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Software Speeds Up Salmonella Strain Identification

13 May 2015
University of Georgia Faces

US - A cloud-based software tool has been developed to quickly classify strains of salmonella.

The system, SeqSero, is a bioinformatics tool that identifies serotypes, or individual, distinct strains, of salmonella using whole genome sequencing (WGS).

Developed by UGA College of Agricultural and Environmental Sciences food science graduate student Shaokang Zhang, the website is used by public health officials and scientists across the globe.

Sequence files can be easily uploaded, and the system sends an analysis in minutes, 24 hours a day, seven days a week at no charge, said Xiangyu Deng, a food microbiologist with the UGA Center for Food Safety in Griffin, Georgia.

Deng compared the system to a detective investigating a crime. “For investigation and surveillance purposes, you need to be able to profile your suspects at different levels, from general demographics to fingerprints. If your suspects are salmonella, serotype determination, or serotyping, is the first step of your profiling,” he said. “It’s now possible to do all the profiling with whole genome sequencing, and it saves a lot of time and (steps in) workflow.”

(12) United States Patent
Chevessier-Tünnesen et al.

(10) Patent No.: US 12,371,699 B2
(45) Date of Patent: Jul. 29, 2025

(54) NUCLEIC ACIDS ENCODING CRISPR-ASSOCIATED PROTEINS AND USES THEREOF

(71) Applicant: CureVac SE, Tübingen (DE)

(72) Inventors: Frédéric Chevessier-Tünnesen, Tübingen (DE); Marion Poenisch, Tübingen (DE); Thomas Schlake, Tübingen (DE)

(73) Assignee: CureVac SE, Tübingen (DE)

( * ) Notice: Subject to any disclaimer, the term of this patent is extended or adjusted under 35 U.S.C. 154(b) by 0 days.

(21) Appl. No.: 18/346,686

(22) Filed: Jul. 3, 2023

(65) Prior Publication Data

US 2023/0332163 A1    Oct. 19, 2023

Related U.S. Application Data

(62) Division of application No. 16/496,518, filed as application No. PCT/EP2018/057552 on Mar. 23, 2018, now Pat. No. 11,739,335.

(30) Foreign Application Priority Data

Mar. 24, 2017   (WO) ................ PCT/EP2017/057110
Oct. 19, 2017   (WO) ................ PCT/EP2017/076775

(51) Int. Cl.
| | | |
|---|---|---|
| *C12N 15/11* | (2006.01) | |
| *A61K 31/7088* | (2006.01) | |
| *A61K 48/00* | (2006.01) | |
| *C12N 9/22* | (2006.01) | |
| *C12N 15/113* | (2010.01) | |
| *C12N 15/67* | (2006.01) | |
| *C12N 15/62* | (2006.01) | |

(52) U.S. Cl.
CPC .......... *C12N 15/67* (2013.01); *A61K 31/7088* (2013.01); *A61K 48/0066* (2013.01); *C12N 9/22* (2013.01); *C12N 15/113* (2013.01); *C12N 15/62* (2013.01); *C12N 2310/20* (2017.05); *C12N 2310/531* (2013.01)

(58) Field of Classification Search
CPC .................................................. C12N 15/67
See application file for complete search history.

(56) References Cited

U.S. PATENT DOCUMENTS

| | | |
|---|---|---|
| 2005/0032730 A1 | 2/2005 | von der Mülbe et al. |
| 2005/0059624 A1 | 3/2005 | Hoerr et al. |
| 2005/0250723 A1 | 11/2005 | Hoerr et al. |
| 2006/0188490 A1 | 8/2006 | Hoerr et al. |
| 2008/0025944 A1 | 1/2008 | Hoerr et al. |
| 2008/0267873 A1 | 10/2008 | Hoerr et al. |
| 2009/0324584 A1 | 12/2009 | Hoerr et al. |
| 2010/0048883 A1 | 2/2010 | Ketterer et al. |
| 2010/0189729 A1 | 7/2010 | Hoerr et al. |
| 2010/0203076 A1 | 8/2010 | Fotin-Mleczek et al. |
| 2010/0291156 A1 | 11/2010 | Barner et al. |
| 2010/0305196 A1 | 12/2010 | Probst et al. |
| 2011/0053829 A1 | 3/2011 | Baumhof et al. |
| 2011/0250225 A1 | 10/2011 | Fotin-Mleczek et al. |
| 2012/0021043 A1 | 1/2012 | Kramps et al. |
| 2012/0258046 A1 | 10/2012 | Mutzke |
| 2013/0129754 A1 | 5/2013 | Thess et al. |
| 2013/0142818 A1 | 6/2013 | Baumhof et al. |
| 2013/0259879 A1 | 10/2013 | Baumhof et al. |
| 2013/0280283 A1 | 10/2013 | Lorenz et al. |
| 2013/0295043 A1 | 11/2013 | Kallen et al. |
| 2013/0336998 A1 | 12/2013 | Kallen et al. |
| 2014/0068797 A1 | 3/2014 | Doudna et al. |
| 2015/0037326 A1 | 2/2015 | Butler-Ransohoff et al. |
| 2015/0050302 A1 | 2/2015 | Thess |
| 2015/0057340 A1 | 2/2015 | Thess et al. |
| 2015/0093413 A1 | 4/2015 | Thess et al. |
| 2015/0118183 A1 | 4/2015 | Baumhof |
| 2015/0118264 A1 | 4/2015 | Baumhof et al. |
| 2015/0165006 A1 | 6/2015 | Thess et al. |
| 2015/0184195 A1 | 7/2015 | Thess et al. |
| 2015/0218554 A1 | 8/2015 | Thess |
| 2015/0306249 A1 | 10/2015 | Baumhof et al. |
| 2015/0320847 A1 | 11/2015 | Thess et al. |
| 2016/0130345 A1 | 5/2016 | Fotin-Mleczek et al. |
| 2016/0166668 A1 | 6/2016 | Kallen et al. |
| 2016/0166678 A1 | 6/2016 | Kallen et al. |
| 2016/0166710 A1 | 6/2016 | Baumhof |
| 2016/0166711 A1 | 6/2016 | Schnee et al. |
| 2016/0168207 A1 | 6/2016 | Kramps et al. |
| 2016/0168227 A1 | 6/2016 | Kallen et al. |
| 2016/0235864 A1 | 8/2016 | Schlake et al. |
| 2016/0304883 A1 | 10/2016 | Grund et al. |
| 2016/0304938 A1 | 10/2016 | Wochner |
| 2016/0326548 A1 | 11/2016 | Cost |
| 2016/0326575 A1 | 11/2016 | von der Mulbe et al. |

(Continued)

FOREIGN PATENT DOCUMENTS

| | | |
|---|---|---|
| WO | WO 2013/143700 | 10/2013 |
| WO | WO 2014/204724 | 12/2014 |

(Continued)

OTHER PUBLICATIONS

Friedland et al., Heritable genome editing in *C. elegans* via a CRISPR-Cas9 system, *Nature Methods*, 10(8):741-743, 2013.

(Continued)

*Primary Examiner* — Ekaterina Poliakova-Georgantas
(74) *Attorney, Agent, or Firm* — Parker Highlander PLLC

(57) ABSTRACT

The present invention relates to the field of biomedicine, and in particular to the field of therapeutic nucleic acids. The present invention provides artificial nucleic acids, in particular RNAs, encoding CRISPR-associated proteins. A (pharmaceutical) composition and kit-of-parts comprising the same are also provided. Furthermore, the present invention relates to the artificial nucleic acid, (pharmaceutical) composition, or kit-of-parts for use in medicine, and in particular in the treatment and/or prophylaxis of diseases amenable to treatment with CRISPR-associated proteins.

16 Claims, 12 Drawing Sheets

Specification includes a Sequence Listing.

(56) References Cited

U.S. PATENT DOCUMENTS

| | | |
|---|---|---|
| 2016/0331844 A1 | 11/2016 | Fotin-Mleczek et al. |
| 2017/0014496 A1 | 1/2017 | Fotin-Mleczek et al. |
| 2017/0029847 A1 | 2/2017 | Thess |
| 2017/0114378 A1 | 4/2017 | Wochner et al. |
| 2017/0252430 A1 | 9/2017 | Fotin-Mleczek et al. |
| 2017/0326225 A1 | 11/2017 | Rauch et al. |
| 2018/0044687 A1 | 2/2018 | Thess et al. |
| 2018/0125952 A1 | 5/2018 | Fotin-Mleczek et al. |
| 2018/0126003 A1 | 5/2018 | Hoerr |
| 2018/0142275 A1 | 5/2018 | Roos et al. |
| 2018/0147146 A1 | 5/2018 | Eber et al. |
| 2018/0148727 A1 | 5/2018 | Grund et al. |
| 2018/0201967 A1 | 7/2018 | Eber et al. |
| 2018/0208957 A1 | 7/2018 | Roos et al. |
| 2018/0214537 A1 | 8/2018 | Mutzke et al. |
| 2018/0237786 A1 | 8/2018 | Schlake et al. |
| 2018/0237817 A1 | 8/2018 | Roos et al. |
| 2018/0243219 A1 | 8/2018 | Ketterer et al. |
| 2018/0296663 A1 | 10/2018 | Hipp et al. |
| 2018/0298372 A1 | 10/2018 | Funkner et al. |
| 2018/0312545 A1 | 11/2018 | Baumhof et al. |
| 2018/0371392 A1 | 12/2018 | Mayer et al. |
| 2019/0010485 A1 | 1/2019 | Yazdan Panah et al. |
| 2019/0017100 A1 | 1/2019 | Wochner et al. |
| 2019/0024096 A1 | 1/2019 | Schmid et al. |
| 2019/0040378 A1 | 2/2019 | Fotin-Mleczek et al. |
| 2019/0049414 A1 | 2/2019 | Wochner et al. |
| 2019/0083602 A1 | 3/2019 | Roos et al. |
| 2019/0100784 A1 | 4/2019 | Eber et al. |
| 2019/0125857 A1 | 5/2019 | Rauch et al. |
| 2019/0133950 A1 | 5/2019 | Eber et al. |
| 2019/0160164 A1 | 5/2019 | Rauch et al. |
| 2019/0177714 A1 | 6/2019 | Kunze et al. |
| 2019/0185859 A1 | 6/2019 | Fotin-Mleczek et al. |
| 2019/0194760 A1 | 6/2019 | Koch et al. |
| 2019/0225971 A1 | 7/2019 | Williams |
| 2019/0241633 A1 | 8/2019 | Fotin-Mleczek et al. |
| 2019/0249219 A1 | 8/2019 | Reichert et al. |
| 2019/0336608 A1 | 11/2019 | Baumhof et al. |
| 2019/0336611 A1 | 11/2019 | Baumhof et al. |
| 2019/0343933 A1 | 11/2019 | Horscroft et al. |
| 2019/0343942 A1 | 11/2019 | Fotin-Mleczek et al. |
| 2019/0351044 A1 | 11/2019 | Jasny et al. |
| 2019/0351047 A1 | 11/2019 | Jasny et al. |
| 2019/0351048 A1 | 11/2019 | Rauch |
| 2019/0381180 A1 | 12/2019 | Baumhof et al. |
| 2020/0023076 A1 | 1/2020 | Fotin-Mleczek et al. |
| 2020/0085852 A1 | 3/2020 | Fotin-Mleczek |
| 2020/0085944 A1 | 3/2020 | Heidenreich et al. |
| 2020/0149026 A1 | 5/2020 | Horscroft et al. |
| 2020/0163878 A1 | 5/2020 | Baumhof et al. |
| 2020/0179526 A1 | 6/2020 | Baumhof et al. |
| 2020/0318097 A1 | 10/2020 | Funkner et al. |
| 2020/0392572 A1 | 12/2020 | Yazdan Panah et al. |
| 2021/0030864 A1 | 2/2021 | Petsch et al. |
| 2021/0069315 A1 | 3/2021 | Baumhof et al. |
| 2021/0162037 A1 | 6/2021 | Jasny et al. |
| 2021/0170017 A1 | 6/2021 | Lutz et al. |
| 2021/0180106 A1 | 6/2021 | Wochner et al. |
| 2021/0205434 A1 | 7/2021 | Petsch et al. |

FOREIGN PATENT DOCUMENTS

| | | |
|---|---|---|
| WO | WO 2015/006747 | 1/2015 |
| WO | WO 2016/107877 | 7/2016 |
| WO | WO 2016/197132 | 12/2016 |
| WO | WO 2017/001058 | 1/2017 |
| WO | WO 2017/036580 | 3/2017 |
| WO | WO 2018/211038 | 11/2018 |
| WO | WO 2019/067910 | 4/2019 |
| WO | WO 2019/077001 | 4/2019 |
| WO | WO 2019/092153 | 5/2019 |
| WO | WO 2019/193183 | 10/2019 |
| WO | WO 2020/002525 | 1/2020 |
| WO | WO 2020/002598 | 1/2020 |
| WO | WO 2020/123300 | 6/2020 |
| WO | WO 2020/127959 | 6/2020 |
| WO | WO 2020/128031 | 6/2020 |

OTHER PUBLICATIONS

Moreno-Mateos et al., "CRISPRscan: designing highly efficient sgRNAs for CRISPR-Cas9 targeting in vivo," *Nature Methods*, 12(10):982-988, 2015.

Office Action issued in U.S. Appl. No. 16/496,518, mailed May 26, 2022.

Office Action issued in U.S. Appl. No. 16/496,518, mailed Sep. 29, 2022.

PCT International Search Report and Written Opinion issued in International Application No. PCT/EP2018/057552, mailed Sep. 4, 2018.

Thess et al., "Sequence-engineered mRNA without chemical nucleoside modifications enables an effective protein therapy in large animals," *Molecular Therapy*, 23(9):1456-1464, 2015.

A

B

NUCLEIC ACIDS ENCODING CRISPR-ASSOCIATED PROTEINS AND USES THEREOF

The Centers for Disease Control and Prevention (CDC) estimates 1.2 million illnesses and 450 deaths in America each year can be linked to non-typhoidal salmonella.

“There are more than 2,500 serotypes described for salmonella, and SeqSero focuses primarily on more common serotypes while also being able to ID many rare serotypes,” Deng said.

Salmonella bacteria look alike under a microscope, but can be separated into many serotypes based on two structures on their surface, Deng explained. Serotyping forms the basis of the U.S. and international surveillance systems of salmonella.

“Traditional identification of salmonella serotypes can be logistically challenging because you need to maintain hundreds of reagents (substances used for chemical analyses) to be able to determine the full set of serotypes. It is also time consuming and can take two or more days to complete,” Deng said.

“This is a highly desirable bioinformatics system and allows for push-button, fast, straightforward and accurate identification of salmonella serotypes from raw data that comes directly off sequencers.”

ThePoultrySite News Desk



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